With this annual competition, Georgia Tech offers Atlanta a rare opportunity to come and experience the advancements in musical instrument design, engineering, and performance.
In the world of new musical instrument design the name Guthman has become synonymous with innovation. With this annual competition, Georgia Tech offers Atlanta a rare opportunity to come and experience the advancements in musical instrument design, engineering, and performance. The Margaret Guthman Musical Instrument Competition, which is open to the public and will be held February 20-21, 2014, brings entrants from all over the world to Georgia Tech to compete for $10,000 in prizes.
Twenty-two inventors, composers and designers representing 14 nations were selected to present their new instruments at this year’s competition. They were selected from a pool of over 80 applicants from 20 countries — the most competitive pool in the history of the competition. Instruments will be judged on their musicality, design, and engineering by an expert panel comprised of David Zicarelli (founder and CEO of Cycling ’74), Chris Moore (composer, performer and Georgia Tech professor), and Young Guru (Grammy-nominated engineer to Jay-Z).
The instruments featured in the 2014 competition range from cutting edge to bizarre, and all expand the notion of what a musical instrument can be. This year’s competitors have presented us with interactive musical spheres, compositional cyborgian appendages, and a chorus of bubbles, to mention just a few. A comprehensive list of this year’s semi-finalists is located here.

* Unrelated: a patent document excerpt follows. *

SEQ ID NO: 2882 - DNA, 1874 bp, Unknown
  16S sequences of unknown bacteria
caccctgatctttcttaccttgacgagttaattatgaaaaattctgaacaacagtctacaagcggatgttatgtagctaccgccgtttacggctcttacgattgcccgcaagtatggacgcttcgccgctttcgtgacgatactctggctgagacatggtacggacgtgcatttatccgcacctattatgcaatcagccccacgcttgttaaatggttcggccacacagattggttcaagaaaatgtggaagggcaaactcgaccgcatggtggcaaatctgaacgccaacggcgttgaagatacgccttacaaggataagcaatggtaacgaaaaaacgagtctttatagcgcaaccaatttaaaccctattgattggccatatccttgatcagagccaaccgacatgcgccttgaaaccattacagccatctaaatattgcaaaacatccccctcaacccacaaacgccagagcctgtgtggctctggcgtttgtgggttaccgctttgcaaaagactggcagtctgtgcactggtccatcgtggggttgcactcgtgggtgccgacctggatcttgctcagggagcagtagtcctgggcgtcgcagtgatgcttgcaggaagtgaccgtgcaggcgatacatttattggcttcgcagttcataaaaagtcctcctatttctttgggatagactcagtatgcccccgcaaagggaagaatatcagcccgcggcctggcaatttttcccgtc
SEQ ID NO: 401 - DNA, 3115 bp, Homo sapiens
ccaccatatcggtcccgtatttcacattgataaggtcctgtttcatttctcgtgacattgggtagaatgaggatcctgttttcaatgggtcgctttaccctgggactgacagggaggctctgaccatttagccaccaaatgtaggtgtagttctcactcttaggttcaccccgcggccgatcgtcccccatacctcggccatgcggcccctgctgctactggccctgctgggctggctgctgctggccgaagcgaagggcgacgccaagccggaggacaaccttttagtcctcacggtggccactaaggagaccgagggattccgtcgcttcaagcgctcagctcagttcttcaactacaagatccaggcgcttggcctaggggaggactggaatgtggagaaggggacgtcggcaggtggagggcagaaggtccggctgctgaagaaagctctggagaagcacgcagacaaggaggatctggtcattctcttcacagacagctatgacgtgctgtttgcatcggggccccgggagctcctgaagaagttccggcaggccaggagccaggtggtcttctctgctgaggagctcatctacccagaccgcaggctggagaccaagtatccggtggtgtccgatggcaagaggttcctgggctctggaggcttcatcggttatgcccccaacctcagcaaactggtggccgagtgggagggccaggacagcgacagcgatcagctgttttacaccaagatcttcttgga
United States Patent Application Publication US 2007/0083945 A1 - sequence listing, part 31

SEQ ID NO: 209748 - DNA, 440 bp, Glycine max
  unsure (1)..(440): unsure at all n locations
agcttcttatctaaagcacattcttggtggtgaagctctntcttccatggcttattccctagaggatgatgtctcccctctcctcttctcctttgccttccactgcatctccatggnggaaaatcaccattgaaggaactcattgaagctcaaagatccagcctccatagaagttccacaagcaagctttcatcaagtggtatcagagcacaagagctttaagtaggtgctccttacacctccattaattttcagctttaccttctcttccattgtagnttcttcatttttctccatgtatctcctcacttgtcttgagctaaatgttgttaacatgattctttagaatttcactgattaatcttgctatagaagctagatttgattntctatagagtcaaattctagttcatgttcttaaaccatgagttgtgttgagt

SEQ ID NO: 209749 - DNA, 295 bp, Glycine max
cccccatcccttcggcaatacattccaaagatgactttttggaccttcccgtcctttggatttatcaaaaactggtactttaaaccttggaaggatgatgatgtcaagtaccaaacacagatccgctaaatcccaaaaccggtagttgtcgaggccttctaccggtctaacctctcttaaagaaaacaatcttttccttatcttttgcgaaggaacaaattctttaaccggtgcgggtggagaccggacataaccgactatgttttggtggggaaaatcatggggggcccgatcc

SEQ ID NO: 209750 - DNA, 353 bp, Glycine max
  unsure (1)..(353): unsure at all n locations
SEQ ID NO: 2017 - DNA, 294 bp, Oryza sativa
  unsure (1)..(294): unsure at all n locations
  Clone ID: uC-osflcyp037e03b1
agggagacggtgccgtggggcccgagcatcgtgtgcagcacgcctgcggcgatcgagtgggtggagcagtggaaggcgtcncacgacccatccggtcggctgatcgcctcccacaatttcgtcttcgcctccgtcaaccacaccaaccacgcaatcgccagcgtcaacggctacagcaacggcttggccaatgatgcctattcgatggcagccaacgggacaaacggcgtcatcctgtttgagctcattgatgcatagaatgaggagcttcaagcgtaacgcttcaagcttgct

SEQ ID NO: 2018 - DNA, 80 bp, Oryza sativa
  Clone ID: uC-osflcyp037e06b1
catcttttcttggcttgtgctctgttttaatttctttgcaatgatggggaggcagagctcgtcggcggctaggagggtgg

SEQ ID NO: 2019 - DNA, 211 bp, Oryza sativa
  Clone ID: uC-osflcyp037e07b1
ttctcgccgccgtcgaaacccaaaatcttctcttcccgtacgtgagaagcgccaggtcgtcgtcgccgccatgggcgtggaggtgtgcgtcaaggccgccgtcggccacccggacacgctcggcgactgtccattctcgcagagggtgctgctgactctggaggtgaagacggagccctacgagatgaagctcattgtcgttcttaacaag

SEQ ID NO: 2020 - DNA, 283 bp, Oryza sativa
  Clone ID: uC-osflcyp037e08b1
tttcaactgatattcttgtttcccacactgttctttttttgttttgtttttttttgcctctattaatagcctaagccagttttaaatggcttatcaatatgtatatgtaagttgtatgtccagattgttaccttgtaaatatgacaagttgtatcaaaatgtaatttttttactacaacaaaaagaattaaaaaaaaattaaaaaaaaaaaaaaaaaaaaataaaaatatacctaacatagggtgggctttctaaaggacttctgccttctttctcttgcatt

“This competition has become one of the premier events that showcase the future of music,” said Gil Weinberg, director of the Georgia Tech Center for Music Technology. “We are pleased that it continues to grow, each year bringing more and more innovative and creative inventors from all over the world together to have their ideas evaluated by our expert panel.”
Wired.com has called it the “X-Prize for music,” and contestants have likened it to a TED Conference for new musical instrument designers. Peter Kirn of Create Digital Music observed that in “the crowded world of new instrument design, the Margaret Guthman Musical Instrument Competition has emerged as a key prize for the best work, with creations battling fiercely for attention.”
The 2014 Margaret Guthman Musical Instrument Competition, now in its sixth year, will be held February 20th and 21st, 2014 at the Klaus Advanced Computing Building, 266 Ferst Drive on the Georgia Tech campus. The competition is sponsored by the Georgia Tech Center for Music Technology, the School of Music, and the College of Architecture. The finals are Friday, February 21st, from 7:00 – 8:30 pm and are free and open to the public. Parking and detailed directions are available here.
Full details available at http://guthman.gatech.edu.